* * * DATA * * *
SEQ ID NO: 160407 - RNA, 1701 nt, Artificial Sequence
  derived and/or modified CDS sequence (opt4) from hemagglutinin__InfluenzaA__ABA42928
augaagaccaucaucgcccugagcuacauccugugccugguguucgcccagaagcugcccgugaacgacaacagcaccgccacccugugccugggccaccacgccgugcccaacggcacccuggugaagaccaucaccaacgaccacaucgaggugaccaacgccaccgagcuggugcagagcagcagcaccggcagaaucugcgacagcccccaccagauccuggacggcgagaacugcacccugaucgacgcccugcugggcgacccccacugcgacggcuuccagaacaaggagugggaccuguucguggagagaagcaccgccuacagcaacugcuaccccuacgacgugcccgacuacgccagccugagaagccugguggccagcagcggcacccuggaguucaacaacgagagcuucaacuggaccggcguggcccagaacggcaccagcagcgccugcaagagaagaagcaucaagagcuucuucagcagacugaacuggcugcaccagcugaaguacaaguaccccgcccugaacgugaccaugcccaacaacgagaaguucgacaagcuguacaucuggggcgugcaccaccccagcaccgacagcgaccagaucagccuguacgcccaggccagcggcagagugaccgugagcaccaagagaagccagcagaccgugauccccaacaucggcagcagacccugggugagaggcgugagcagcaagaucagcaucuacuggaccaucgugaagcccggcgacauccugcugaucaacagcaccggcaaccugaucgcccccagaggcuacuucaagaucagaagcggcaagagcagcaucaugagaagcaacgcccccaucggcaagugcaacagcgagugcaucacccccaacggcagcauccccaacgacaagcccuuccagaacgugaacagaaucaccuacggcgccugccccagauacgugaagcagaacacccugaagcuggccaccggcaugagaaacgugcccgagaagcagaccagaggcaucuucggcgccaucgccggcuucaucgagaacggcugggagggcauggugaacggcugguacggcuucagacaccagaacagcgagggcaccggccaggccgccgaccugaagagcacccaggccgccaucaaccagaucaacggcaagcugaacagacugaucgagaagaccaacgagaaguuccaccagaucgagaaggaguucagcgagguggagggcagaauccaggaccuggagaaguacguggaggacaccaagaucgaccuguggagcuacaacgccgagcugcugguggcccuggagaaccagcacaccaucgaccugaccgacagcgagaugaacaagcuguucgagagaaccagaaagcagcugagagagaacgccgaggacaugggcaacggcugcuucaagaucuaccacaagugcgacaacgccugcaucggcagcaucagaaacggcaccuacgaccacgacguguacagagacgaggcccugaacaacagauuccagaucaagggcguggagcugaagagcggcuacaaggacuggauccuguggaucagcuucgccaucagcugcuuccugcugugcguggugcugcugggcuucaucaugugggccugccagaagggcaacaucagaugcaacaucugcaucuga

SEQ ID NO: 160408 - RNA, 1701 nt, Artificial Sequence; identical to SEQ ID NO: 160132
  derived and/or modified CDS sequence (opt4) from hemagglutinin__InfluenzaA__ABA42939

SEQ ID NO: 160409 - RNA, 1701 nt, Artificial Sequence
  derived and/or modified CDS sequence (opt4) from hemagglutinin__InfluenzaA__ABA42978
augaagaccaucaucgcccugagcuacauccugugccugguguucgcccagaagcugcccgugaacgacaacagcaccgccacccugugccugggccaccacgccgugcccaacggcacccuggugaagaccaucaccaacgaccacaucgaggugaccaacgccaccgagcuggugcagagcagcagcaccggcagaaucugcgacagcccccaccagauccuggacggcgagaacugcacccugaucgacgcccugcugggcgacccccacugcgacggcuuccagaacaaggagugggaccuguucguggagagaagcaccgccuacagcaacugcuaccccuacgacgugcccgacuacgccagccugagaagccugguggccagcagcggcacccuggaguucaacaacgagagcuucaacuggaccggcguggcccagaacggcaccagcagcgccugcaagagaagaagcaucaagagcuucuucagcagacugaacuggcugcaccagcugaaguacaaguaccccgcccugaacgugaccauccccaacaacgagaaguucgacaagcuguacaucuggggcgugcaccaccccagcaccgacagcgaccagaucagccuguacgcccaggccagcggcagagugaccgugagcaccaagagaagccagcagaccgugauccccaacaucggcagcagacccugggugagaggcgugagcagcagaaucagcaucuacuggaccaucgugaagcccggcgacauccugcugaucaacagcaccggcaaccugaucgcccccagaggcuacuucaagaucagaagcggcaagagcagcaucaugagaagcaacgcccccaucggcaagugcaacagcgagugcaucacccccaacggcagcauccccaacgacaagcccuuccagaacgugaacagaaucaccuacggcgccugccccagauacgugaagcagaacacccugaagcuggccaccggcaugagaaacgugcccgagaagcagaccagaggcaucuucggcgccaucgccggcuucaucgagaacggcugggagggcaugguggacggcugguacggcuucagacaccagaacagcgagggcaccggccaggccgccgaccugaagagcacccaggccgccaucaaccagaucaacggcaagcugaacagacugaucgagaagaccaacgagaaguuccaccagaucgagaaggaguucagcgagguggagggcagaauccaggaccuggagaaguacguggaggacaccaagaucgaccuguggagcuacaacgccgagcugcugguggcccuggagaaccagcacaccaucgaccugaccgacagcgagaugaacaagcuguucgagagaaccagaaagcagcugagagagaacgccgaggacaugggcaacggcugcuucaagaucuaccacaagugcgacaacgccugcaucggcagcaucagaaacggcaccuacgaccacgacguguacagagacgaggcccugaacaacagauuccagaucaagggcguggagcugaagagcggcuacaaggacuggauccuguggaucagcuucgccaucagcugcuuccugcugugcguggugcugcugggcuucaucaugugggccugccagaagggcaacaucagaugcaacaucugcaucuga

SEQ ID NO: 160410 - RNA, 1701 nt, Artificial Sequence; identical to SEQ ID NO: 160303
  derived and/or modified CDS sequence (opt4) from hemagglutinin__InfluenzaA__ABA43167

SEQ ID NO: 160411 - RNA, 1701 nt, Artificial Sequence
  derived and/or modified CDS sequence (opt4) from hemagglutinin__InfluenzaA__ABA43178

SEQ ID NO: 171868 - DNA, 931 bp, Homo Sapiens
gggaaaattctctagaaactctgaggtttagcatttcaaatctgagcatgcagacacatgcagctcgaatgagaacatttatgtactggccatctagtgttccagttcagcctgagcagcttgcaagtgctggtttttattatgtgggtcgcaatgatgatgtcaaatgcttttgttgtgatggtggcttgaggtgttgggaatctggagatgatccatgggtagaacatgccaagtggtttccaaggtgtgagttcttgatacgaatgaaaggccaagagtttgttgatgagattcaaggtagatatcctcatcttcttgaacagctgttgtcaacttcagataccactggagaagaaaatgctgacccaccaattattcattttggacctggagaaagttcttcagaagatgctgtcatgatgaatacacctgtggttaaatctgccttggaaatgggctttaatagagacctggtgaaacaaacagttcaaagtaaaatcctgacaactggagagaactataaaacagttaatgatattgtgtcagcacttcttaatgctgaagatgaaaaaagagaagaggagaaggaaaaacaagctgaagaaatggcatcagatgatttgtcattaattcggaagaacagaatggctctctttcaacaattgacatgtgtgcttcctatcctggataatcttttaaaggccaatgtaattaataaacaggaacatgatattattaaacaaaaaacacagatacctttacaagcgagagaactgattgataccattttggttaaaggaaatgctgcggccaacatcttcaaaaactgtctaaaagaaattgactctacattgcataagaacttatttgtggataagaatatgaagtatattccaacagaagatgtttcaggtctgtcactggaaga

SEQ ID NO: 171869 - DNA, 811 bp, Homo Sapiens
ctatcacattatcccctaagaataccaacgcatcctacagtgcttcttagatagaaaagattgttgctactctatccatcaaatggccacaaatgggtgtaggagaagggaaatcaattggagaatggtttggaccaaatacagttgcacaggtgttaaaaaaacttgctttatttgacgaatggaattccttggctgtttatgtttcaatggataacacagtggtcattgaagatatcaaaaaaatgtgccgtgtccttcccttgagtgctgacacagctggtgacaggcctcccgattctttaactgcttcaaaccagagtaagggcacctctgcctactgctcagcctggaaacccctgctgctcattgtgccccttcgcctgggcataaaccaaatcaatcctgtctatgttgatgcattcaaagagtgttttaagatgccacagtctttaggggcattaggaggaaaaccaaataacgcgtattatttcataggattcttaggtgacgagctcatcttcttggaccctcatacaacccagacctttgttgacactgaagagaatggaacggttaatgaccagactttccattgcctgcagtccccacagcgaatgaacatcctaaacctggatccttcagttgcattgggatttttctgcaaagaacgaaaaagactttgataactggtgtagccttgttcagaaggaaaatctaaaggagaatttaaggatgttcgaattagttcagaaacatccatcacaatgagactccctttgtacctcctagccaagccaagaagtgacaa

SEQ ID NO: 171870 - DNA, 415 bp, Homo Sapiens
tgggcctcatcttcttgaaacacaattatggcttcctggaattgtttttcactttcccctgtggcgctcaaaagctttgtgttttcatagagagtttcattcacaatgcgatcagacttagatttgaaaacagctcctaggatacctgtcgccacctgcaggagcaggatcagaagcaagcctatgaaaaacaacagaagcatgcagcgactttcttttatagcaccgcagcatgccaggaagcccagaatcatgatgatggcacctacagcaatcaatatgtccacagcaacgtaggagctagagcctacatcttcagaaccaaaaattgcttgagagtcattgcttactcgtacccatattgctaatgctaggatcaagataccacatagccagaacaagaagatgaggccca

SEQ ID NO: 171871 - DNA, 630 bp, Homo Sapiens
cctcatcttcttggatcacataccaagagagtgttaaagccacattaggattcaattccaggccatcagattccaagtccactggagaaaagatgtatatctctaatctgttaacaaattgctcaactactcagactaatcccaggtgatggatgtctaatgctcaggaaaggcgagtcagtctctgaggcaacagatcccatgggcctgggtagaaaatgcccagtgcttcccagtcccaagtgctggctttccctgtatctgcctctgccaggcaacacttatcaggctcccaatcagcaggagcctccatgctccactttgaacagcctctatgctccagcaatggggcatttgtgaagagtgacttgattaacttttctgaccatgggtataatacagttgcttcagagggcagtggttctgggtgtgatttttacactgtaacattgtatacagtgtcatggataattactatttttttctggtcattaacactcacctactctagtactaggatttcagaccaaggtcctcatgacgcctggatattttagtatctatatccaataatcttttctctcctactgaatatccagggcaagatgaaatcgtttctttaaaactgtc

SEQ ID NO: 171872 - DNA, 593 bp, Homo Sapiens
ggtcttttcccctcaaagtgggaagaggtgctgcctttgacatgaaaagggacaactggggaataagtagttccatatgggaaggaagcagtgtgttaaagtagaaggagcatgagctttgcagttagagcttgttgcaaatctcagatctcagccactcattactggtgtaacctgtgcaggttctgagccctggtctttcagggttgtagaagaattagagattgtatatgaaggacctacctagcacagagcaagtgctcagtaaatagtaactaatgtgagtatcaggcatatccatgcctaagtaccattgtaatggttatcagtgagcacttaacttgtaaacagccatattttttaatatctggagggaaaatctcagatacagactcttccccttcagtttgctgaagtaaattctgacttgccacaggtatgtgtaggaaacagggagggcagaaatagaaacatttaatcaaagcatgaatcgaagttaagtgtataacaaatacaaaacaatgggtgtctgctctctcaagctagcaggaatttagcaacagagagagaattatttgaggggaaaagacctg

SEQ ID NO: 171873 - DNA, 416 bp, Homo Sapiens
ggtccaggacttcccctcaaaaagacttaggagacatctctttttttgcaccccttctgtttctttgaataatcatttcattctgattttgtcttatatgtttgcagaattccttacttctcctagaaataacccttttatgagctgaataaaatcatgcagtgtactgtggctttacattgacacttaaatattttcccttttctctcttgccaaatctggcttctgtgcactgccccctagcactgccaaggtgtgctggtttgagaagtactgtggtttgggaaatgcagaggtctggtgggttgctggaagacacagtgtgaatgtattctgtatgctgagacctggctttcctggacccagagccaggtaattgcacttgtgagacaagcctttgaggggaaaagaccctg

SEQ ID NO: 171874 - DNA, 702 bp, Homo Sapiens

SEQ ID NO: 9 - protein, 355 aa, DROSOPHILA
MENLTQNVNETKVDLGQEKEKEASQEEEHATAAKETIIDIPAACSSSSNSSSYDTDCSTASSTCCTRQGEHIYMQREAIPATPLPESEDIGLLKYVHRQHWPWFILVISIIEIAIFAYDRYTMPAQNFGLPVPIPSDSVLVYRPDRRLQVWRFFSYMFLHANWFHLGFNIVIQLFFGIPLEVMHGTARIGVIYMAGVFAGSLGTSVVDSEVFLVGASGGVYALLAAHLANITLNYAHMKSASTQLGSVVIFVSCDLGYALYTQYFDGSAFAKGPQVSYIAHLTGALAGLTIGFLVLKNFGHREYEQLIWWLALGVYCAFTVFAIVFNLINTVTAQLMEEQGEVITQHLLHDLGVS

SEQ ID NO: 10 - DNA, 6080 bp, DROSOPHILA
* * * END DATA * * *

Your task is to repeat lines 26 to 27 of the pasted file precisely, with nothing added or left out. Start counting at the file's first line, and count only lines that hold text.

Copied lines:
SEQ ID NO: 9 - protein, 355 aa, DROSOPHILA
MENLTQNVNETKVDLGQEKEKEASQEEEHATAAKETIIDIPAACSSSSNSSSYDTDCSTASSTCCTRQGEHIYMQREAIPATPLPESEDIGLLKYVHRQHWPWFILVISIIEIAIFAYDRYTMPAQNFGLPVPIPSDSVLVYRPDRRLQVWRFFSYMFLHANWFHLGFNIVIQLFFGIPLEVMHGTARIGVIYMAGVFAGSLGTSVVDSEVFLVGASGGVYALLAAHLANITLNYAHMKSASTQLGSVVIFVSCDLGYALYTQYFDGSAFAKGPQVSYIAHLTGALAGLTIGFLVLKNFGHREYEQLIWWLALGVYCAFTVFAIVFNLINTVTAQLMEEQGEVITQHLLHDLGVS